- Find out more about our full-time PhD fellows, from their research themes to career ambitions via our 'PhD Profiles' series. Recent stories cover how women scientists are at the forefront of COVID-19 research, and how a PhD candidate won a World Bank fellowship on development economics.
- Master’s alumna Claire Tan Sze Eng has won the best thesis award at the Dutch Demography Day 2021 for her dissertation entitled, ‘Returning to a home without a future: The effect of migrant trajectories and experiences on the reintegration of Albanian rejected asylum-seekers’. Read more here >>>
- Master’s alumni Vivien Csapliczky and Job Zomerplaag have won the biennial ‘Kremers Award’ for having written the best dissertations on regional innovation from a socio-economic perspective. Their theses respectively focused on regional development and digitalisation in southwest Hungary and the (dis)empowerment of community initiatives in the southeast of the Netherlands. Read more here >>>
- Master’s alumnus Manuj Bhardwaj, a lawyer from India, has been awarded a United Nations Intergovernmental Panel on Climate Change (IPCC) programme scholarship, 2021-23, from the Prince Albert II of Monaco Foundation. IPCC Secretary Abdallah Mokssit called the programme “an important step in the fight against climate change enabling the implementation of innovative and efficient solutions”. Read more here >>>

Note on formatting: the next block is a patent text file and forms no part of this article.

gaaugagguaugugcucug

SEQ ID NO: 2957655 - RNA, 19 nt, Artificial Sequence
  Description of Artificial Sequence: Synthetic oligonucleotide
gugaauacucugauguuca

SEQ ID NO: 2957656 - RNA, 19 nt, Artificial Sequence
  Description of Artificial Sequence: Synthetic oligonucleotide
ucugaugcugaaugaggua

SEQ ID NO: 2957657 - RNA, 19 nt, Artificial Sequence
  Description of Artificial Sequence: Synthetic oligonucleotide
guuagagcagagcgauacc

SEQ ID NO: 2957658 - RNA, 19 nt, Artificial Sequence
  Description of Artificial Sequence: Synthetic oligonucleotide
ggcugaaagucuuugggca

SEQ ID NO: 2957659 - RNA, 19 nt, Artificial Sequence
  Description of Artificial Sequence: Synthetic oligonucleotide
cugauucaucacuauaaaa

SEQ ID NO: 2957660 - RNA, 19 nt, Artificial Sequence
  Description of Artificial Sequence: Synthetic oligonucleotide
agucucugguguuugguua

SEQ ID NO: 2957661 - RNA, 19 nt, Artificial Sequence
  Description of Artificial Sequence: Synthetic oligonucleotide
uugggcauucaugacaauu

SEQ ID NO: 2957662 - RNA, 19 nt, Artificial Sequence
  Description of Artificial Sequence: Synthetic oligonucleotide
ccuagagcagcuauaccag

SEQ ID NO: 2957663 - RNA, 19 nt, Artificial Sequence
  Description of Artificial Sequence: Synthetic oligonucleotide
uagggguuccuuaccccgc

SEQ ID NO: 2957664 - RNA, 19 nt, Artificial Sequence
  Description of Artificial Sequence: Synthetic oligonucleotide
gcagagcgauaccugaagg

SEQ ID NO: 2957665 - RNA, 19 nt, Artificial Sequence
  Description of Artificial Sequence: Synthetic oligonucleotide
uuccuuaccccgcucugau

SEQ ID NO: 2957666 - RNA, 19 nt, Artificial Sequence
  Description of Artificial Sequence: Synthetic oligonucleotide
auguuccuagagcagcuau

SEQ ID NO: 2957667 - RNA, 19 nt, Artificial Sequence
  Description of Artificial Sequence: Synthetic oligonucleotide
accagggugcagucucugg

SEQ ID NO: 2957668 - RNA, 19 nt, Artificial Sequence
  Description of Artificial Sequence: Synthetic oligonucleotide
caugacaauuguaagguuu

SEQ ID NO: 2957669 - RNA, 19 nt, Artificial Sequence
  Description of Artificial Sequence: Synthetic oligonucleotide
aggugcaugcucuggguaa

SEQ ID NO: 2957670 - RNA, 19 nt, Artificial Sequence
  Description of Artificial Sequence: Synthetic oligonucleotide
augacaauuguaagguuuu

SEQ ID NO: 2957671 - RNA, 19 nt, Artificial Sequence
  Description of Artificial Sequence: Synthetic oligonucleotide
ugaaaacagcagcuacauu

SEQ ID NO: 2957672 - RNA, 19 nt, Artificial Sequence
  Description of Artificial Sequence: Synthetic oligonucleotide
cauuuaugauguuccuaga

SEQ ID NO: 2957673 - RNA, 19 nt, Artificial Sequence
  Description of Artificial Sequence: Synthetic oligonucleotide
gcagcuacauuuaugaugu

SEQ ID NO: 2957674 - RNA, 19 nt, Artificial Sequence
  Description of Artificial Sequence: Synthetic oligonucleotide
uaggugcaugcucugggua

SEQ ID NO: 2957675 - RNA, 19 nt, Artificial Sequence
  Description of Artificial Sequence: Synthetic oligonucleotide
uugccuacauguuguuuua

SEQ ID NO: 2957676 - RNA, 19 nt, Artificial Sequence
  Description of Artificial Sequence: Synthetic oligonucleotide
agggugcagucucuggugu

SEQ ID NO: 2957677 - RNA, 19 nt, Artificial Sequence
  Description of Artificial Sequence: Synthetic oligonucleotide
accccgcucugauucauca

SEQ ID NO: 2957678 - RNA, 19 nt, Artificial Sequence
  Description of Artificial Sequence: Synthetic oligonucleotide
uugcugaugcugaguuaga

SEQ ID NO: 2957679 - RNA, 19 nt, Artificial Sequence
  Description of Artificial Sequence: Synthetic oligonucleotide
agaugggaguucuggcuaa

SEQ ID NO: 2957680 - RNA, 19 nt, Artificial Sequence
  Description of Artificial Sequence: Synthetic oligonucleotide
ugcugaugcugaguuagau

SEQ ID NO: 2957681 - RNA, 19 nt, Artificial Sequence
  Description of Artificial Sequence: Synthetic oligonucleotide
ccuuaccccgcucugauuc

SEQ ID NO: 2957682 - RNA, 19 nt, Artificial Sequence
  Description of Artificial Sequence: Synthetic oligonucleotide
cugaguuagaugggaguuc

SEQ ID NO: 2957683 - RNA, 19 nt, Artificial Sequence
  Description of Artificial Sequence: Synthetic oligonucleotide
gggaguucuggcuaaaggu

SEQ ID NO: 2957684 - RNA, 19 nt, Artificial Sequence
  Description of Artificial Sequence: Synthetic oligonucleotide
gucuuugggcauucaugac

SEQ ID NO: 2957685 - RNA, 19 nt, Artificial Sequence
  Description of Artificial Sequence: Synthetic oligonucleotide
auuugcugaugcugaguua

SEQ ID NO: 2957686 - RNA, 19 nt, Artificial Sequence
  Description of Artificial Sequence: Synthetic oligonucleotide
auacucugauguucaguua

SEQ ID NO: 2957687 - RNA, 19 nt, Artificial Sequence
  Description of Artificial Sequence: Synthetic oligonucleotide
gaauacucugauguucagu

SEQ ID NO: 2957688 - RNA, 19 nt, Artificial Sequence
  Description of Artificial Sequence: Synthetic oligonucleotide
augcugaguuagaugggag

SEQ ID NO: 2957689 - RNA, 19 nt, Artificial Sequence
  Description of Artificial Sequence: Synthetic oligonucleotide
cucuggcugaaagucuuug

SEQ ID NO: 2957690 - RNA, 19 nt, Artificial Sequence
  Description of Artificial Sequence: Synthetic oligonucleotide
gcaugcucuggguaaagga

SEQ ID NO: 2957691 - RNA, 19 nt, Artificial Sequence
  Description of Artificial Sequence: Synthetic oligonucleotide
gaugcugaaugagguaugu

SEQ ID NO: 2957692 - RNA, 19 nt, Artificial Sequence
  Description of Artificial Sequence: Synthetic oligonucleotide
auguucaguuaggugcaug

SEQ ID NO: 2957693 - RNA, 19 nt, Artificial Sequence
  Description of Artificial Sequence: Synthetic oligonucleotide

- Until next time, in early April, please check our social media accounts on Facebook, LinkedIn, Twitter, Instagram and YouTube. You can also stay up-to-date on all our major publications via our monthly ‘First Impressions’ roundup.
- In the meantime, check out our new video on the Governance of Innovation course from our Master's in Public Policy and Human Development, as well as special posts marking International Migrants Day and International Anti-Corruption Day, plus our latest op-ed in The Conversation.
- ABOUT US
- The Graduate School
- PhD Programme
- MSc Programme
- Capacity Development
- Academic Funding